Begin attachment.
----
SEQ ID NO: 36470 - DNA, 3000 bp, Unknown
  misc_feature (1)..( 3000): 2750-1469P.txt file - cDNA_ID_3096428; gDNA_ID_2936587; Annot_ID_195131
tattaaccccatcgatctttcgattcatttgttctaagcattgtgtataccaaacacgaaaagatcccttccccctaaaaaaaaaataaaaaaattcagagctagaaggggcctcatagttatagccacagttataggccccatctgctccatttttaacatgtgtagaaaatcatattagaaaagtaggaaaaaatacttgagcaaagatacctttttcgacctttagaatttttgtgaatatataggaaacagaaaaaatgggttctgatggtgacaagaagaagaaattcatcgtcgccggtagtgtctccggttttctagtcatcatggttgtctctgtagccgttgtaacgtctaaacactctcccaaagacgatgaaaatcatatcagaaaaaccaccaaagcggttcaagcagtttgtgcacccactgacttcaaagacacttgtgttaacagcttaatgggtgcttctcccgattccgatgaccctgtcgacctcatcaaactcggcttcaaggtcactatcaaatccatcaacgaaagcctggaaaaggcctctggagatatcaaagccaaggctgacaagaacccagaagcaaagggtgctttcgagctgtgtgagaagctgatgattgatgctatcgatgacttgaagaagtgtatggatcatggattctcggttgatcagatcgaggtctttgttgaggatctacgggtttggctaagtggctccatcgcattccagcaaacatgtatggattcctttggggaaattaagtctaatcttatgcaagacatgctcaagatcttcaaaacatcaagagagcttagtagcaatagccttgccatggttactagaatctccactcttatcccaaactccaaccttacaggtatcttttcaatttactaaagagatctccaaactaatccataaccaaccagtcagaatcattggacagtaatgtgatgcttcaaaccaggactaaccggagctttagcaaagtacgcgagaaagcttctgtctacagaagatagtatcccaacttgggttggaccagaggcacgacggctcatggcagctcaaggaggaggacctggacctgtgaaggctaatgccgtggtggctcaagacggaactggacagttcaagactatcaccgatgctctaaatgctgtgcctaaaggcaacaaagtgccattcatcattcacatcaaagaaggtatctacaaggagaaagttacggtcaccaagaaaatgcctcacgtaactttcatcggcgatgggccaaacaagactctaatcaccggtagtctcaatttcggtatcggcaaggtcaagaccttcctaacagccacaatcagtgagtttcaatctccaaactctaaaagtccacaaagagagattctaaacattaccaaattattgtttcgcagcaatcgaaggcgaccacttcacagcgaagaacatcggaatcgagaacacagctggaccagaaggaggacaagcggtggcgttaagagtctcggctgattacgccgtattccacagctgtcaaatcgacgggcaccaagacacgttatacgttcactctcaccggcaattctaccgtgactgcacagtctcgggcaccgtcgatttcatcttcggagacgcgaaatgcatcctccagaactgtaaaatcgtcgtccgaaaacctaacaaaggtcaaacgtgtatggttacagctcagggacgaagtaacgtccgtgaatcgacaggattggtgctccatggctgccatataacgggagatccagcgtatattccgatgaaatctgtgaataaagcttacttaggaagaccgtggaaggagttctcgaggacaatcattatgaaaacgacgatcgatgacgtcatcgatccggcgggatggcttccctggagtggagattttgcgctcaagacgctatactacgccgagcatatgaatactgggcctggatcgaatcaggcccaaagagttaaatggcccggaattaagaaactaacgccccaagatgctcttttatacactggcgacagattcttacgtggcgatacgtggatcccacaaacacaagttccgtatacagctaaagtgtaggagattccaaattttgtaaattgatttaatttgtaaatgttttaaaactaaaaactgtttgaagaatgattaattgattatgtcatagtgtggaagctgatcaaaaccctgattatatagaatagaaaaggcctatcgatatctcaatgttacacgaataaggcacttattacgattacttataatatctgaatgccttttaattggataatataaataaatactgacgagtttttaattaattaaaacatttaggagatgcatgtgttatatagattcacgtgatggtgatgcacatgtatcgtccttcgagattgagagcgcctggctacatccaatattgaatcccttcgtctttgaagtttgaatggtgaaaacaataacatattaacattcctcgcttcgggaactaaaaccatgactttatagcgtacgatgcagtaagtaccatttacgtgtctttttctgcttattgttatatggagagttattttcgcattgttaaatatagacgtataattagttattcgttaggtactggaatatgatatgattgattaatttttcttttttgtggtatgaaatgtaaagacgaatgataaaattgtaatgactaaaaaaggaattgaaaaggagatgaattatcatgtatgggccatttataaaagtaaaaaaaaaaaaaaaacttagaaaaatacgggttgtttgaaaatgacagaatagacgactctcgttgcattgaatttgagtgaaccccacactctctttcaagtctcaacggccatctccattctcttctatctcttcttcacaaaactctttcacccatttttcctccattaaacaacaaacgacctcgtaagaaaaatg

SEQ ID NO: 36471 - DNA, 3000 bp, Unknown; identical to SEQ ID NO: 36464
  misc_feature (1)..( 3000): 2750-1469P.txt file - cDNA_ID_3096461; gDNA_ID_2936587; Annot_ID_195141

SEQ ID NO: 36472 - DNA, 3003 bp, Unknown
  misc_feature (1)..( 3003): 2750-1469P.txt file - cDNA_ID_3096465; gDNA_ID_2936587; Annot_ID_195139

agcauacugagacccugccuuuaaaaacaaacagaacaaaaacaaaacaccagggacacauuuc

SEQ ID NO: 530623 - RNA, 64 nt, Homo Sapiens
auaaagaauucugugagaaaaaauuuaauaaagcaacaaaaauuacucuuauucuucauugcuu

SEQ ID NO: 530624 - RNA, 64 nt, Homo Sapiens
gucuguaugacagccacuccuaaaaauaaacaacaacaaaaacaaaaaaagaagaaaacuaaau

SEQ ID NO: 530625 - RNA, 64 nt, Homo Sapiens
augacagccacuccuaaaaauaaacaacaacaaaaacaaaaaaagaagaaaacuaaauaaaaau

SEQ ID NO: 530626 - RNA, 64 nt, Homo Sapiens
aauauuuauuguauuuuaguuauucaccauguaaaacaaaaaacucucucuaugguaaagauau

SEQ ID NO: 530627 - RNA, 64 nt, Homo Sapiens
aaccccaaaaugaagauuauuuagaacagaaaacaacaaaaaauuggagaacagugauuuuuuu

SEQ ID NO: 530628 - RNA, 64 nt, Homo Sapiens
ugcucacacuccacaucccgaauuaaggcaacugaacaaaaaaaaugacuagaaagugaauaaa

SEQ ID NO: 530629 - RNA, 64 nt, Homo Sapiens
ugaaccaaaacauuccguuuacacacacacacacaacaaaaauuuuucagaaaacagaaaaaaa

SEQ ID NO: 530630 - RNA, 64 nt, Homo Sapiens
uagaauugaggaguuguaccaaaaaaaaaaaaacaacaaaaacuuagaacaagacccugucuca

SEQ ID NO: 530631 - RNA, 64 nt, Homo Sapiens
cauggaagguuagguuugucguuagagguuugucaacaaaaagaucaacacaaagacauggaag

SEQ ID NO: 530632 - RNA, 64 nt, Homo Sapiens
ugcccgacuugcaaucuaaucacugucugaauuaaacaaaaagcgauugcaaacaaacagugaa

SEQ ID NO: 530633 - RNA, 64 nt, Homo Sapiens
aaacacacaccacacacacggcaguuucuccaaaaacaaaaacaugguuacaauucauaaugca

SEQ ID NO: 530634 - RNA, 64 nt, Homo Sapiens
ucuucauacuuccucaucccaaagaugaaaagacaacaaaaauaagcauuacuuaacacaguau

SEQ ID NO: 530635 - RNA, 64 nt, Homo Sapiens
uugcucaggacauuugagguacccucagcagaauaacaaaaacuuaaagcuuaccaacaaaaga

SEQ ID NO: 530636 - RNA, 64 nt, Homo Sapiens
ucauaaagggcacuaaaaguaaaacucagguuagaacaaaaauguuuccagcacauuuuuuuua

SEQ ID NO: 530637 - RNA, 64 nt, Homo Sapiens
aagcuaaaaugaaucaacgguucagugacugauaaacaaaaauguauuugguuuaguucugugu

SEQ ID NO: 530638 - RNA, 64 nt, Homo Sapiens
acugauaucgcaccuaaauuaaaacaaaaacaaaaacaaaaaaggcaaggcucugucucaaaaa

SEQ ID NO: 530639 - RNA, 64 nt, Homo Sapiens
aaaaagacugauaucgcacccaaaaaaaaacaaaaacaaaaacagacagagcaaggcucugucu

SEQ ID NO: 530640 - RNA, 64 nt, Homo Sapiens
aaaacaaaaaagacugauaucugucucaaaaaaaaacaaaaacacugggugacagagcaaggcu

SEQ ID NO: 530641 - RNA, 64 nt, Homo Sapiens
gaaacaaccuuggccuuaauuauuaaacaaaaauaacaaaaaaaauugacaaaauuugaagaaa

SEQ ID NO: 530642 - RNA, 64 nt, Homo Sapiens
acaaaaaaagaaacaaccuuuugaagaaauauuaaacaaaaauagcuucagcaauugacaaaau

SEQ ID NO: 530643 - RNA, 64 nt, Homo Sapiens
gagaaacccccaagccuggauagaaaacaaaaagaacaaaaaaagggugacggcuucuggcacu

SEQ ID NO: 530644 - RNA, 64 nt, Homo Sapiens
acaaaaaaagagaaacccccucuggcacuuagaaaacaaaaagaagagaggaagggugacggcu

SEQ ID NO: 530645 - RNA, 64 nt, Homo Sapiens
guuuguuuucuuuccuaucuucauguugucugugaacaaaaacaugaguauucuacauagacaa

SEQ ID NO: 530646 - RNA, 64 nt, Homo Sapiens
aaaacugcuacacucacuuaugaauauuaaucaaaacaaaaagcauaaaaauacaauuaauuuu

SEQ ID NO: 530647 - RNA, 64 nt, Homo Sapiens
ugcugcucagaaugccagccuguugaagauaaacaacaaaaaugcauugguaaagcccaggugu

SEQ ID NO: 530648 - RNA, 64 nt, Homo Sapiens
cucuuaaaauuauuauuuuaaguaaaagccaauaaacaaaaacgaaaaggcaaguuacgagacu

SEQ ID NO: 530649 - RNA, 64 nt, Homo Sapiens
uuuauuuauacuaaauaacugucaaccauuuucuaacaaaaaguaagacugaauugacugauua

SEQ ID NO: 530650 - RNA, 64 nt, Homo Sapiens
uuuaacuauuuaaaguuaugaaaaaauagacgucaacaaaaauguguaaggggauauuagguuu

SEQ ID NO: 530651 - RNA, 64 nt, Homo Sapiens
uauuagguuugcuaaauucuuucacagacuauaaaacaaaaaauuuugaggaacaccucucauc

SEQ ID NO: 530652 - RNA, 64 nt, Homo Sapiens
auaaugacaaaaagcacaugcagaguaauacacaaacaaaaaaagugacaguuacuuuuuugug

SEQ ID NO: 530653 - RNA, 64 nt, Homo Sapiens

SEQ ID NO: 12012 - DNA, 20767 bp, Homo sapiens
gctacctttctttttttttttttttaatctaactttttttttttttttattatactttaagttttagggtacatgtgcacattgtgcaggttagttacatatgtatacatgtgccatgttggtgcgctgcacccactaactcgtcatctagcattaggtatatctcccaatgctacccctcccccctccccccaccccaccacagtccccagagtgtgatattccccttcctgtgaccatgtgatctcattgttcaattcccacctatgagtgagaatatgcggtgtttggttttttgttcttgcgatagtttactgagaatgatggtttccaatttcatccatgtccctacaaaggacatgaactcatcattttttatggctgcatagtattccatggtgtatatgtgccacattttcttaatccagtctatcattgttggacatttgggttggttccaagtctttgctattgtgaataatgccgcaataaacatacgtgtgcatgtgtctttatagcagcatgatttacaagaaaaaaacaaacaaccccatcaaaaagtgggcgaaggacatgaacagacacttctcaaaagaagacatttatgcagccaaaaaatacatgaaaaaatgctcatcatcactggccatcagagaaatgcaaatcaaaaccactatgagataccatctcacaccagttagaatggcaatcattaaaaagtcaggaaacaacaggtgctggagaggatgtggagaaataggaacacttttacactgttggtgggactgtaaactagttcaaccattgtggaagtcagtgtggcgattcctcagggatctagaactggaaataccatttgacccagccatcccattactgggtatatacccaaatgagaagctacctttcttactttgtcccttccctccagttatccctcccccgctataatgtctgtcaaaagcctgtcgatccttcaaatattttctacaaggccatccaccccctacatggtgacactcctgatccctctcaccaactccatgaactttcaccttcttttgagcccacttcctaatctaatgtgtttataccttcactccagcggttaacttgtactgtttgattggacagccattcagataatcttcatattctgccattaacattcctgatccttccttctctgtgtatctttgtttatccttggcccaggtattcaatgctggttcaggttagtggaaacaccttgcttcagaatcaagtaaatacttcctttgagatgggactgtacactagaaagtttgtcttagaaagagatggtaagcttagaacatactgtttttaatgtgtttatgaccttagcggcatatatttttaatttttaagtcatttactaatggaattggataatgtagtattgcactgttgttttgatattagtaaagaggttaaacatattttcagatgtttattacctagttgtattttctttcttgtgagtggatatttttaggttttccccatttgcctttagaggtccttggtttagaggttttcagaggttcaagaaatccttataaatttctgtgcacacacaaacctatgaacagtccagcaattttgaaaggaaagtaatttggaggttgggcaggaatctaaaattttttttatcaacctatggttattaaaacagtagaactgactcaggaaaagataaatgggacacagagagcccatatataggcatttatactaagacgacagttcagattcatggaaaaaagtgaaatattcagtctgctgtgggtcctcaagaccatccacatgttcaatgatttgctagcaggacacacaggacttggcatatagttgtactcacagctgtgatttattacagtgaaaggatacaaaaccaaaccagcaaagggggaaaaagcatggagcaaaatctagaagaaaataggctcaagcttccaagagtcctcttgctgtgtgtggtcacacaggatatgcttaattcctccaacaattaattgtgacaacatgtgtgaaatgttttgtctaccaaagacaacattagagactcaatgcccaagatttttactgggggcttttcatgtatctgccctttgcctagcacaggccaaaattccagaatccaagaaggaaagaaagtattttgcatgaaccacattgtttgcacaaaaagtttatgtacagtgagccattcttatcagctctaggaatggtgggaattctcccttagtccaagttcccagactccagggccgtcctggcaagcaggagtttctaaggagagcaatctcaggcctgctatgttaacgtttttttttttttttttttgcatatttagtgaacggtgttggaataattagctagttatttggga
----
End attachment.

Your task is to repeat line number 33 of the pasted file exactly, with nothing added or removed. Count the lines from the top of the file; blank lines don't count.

SEQ ID NO: 530635 - RNA, 64 nt, Homo Sapiens